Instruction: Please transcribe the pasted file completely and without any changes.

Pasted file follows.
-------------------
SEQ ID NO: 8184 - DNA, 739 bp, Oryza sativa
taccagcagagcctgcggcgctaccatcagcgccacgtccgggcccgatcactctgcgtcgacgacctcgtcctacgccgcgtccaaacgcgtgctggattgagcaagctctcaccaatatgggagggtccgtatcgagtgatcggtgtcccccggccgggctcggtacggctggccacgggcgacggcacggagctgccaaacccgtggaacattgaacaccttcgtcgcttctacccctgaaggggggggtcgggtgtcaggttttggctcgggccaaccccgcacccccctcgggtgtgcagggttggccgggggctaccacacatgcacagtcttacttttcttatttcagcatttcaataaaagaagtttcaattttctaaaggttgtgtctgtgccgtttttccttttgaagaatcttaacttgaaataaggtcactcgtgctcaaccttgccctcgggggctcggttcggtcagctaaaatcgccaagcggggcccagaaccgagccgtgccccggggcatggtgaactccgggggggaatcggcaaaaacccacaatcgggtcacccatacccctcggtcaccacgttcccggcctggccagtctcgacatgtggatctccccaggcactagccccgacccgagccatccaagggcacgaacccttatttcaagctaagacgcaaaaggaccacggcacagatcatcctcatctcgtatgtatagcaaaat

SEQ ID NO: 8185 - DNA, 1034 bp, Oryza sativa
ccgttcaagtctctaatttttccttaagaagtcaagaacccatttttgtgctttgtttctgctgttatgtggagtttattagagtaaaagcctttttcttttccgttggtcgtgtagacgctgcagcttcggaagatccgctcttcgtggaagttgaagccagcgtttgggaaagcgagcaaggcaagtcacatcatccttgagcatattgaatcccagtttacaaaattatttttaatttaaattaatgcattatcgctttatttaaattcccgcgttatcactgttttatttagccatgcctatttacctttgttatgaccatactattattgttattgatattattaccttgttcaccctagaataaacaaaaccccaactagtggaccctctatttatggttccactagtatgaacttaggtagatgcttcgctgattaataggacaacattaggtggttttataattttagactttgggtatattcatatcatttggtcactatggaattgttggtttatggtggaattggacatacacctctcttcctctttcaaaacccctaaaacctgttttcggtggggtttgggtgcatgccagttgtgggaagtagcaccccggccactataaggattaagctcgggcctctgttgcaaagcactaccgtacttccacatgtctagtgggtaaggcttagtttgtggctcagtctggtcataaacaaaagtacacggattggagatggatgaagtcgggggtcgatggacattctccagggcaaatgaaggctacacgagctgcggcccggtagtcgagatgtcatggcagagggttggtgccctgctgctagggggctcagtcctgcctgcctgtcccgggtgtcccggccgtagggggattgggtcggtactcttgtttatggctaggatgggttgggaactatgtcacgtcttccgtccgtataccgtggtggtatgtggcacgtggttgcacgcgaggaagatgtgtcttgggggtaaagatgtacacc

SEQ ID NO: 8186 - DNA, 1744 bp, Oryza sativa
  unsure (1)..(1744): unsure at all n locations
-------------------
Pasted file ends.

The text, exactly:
SEQ ID NO: 8184 - DNA, 739 bp, Oryza sativa
taccagcagagcctgcggcgctaccatcagcgccacgtccgggcccgatcactctgcgtcgacgacctcgtcctacgccgcgtccaaacgcgtgctggattgagcaagctctcaccaatatgggagggtccgtatcgagtgatcggtgtcccccggccgggctcggtacggctggccacgggcgacggcacggagctgccaaacccgtggaacattgaacaccttcgtcgcttctacccctgaaggggggggtcgggtgtcaggttttggctcgggccaaccccgcacccccctcgggtgtgcagggttggccgggggctaccacacatgcacagtcttacttttcttatttcagcatttcaataaaagaagtttcaattttctaaaggttgtgtctgtgccgtttttccttttgaagaatcttaacttgaaataaggtcactcgtgctcaaccttgccctcgggggctcggttcggtcagctaaaatcgccaagcggggcccagaaccgagccgtgccccggggcatggtgaactccgggggggaatcggcaaaaacccacaatcgggtcacccatacccctcggtcaccacgttcccggcctggccagtctcgacatgtggatctccccaggcactagccccgacccgagccatccaagggcacgaacccttatttcaagctaagacgcaaaaggaccacggcacagatcatcctcatctcgtatgtatagcaaaat

SEQ ID NO: 8185 - DNA, 1034 bp, Oryza sativa
ccgttcaagtctctaatttttccttaagaagtcaagaacccatttttgtgctttgtttctgctgttatgtggagtttattagagtaaaagcctttttcttttccgttggtcgtgtagacgctgcagcttcggaagatccgctcttcgtggaagttgaagccagcgtttgggaaagcgagcaaggcaagtcacatcatccttgagcatattgaatcccagtttacaaaattatttttaatttaaattaatgcattatcgctttatttaaattcccgcgttatcactgttttatttagccatgcctatttacctttgttatgaccatactattattgttattgatattattaccttgttcaccctagaataaacaaaaccccaactagtggaccctctatttatggttccactagtatgaacttaggtagatgcttcgctgattaataggacaacattaggtggttttataattttagactttgggtatattcatatcatttggtcactatggaattgttggtttatggtggaattggacatacacctctcttcctctttcaaaacccctaaaacctgttttcggtggggtttgggtgcatgccagttgtgggaagtagcaccccggccactataaggattaagctcgggcctctgttgcaaagcactaccgtacttccacatgtctagtgggtaaggcttagtttgtggctcagtctggtcataaacaaaagtacacggattggagatggatgaagtcgggggtcgatggacattctccagggcaaatgaaggctacacgagctgcggcccggtagtcgagatgtcatggcagagggttggtgccctgctgctagggggctcagtcctgcctgcctgtcccgggtgtcccggccgtagggggattgggtcggtactcttgtttatggctaggatgggttgggaactatgtcacgtcttccgtccgtataccgtggtggtatgtggcacgtggttgcacgcgaggaagatgtgtcttgggggtaaagatgtacacc

SEQ ID NO: 8186 - DNA, 1744 bp, Oryza sativa
  unsure (1)..(1744): unsure at all n locations